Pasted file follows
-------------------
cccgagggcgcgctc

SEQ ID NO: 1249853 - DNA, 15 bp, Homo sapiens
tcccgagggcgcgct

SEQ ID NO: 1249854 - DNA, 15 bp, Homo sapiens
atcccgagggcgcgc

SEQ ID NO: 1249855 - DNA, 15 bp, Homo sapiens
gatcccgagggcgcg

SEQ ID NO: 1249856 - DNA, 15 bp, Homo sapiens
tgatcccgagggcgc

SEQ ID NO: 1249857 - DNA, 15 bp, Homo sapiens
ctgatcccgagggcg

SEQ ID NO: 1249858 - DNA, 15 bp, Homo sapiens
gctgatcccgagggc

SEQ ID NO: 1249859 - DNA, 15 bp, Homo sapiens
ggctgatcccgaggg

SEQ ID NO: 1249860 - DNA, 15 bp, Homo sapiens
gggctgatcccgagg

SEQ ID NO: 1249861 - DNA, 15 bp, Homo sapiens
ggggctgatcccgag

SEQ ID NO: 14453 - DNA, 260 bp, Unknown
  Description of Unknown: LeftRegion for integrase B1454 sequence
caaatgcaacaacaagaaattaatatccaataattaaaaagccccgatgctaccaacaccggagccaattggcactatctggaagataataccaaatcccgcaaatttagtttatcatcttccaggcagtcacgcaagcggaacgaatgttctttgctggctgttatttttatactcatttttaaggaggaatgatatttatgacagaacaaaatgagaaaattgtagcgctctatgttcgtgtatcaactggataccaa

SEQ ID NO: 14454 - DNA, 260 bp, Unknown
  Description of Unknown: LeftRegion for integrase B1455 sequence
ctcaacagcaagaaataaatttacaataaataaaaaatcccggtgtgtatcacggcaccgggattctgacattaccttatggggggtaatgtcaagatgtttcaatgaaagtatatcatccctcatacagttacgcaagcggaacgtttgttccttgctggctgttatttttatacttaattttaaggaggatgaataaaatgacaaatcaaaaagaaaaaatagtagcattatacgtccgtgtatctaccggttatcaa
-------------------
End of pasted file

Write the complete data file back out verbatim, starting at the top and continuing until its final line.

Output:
cccgagggcgcgctc

SEQ ID NO: 1249853 - DNA, 15 bp, Homo sapiens
tcccgagggcgcgct

SEQ ID NO: 1249854 - DNA, 15 bp, Homo sapiens
atcccgagggcgcgc

SEQ ID NO: 1249855 - DNA, 15 bp, Homo sapiens
gatcccgagggcgcg

SEQ ID NO: 1249856 - DNA, 15 bp, Homo sapiens
tgatcccgagggcgc

SEQ ID NO: 1249857 - DNA, 15 bp, Homo sapiens
ctgatcccgagggcg

SEQ ID NO: 1249858 - DNA, 15 bp, Homo sapiens
gctgatcccgagggc

SEQ ID NO: 1249859 - DNA, 15 bp, Homo sapiens
ggctgatcccgaggg

SEQ ID NO: 1249860 - DNA, 15 bp, Homo sapiens
gggctgatcccgagg

SEQ ID NO: 1249861 - DNA, 15 bp, Homo sapiens
ggggctgatcccgag

SEQ ID NO: 14453 - DNA, 260 bp, Unknown
  Description of Unknown: LeftRegion for integrase B1454 sequence
caaatgcaacaacaagaaattaatatccaataattaaaaagccccgatgctaccaacaccggagccaattggcactatctggaagataataccaaatcccgcaaatttagtttatcatcttccaggcagtcacgcaagcggaacgaatgttctttgctggctgttatttttatactcatttttaaggaggaatgatatttatgacagaacaaaatgagaaaattgtagcgctctatgttcgtgtatcaactggataccaa

SEQ ID NO: 14454 - DNA, 260 bp, Unknown
  Description of Unknown: LeftRegion for integrase B1455 sequence
ctcaacagcaagaaataaatttacaataaataaaaaatcccggtgtgtatcacggcaccgggattctgacattaccttatggggggtaatgtcaagatgtttcaatgaaagtatatcatccctcatacagttacgcaagcggaacgtttgttccttgctggctgttatttttatacttaattttaaggaggatgaataaaatgacaaatcaaaaagaaaaaatagtagcattatacgtccgtgtatctaccggttatcaa